I have begun reading the first of two books about the Cuban economy that have been written fairly recently. They are collections of articles by Cuban economists and Americans who might be described as Cubanologists like Carmelo Mesa-Lago (originally from Cuba) whose anti-Communism is a bit more nuanced than what you find in the academy (Mesa-Lago is quoted frequently by the state caps.)
In the first book, there’s a long and very instructive article by Brian Pollitt, a British economist who has been studying sugar production in Cuba for 30 years. I will be reporting on it when I begin a series of posts about the Cuban economy, but will say at this point that it makes an observation that reminds me of the problems of the Nicaraguan economy under the FSLN, namely that structural changes in the rural sector that are intended to benefit the poor frequently have unintended consequences:
George Vickers pointed these contradictions out in an article in the June 1990 “NACLA Report on the Americas” entitled “A Spider’s Web.” He noted that the Agrarian Reform provided a reduction in rents, greater access to credit and improved prices for basic grains. This meant that small peasants had no economic pressure on them to do the backbreaking work of harvesting export crops on large farms. Even when wages increased on these large farms, the campesino avoided picking cotton on the large farms. Who could blame them?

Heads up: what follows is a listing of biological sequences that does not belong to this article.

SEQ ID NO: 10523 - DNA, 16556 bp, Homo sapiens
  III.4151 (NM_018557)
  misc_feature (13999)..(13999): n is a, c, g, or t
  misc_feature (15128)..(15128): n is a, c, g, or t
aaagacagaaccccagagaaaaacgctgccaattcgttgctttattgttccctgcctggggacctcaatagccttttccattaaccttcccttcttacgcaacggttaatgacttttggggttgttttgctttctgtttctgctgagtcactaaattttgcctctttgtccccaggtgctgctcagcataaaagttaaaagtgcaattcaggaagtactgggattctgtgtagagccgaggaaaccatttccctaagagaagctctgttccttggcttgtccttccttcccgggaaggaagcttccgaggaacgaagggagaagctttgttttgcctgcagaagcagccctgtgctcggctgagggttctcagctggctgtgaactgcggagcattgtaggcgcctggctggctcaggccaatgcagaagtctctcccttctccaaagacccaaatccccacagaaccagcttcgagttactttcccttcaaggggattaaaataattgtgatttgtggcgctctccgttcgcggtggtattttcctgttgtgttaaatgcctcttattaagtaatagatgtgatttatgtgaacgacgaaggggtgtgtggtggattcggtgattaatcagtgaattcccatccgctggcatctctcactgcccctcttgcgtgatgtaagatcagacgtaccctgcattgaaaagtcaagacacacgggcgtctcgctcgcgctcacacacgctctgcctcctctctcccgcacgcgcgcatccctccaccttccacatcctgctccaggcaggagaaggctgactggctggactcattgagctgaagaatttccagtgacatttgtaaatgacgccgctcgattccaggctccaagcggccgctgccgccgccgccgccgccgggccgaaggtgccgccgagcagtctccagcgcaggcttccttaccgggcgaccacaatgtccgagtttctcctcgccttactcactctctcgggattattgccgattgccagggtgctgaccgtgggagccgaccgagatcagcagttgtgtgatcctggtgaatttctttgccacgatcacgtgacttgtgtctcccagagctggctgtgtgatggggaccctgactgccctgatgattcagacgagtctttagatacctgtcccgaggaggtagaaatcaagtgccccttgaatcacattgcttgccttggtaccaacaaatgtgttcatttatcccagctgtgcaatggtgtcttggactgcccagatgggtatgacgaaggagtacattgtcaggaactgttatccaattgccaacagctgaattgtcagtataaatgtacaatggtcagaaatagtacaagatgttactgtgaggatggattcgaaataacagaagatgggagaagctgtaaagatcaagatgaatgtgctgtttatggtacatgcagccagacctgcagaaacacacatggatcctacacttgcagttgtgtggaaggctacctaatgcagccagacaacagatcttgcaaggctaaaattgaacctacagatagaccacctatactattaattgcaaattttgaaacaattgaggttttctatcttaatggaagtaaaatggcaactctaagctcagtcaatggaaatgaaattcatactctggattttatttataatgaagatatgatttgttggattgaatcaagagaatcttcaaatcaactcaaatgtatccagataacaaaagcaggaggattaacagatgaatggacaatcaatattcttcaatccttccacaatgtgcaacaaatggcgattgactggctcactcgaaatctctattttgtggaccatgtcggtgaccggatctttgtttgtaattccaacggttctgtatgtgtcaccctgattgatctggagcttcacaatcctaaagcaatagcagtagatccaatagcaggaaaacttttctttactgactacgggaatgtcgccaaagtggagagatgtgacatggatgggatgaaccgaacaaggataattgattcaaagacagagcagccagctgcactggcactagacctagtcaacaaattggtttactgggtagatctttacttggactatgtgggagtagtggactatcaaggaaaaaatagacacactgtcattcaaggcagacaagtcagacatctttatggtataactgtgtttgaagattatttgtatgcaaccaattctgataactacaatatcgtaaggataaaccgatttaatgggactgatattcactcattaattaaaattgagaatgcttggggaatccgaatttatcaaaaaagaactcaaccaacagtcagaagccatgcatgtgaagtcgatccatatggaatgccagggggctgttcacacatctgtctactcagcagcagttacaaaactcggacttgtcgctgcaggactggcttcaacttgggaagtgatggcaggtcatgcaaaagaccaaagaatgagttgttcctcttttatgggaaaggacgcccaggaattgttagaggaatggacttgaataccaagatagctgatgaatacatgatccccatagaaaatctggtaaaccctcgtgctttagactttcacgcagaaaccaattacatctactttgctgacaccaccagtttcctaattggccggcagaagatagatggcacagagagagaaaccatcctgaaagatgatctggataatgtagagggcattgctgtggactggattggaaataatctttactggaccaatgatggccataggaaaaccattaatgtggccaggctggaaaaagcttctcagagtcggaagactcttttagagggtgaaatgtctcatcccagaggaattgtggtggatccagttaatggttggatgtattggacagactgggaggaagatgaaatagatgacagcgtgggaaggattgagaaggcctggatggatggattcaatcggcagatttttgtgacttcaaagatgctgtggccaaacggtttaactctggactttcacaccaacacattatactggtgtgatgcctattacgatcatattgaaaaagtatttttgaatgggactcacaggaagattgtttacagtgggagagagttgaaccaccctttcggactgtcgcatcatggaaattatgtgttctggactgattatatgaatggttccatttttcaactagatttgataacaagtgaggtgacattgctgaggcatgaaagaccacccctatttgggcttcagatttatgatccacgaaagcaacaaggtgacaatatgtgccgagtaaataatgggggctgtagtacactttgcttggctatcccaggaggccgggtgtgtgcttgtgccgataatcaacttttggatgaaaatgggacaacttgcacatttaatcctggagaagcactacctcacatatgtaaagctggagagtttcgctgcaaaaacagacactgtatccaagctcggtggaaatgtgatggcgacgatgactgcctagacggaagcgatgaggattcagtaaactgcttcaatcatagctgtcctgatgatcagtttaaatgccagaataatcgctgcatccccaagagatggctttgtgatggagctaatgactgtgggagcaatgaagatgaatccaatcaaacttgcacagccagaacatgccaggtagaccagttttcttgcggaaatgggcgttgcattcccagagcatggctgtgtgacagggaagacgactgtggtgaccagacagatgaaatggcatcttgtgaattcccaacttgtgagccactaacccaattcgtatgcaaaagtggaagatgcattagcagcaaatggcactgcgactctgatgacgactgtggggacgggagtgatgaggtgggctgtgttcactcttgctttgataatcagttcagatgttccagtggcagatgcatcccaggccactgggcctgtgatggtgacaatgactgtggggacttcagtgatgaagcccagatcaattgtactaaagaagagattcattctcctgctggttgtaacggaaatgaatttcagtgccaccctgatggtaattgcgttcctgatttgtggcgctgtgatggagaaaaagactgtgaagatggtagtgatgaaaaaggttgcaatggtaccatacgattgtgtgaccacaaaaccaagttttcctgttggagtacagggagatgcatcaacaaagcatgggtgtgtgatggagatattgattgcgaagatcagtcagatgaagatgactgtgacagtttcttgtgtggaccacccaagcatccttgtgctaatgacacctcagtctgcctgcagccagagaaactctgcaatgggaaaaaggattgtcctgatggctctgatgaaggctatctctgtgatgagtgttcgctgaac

In a nutshell, something similar has happened in Cuba. Pollitt points out that there’s been a big drop in sugar production because rural workers cannot be pressured into cutting cane through manual labor. After the end of Soviet aid, there’s been a crisis in the sugar industry because of a failure to replace aging machinery in the sugar fields. There are still many sugar fields that can be harvested but only by hand. Like Nicaragua, there is a problem getting people liberated from an oppressive plantation economy to do the kind of work that they once did.
I just spotted an article by Pollitt on MRZine this morning that might explore these questions. I strongly recommend a read: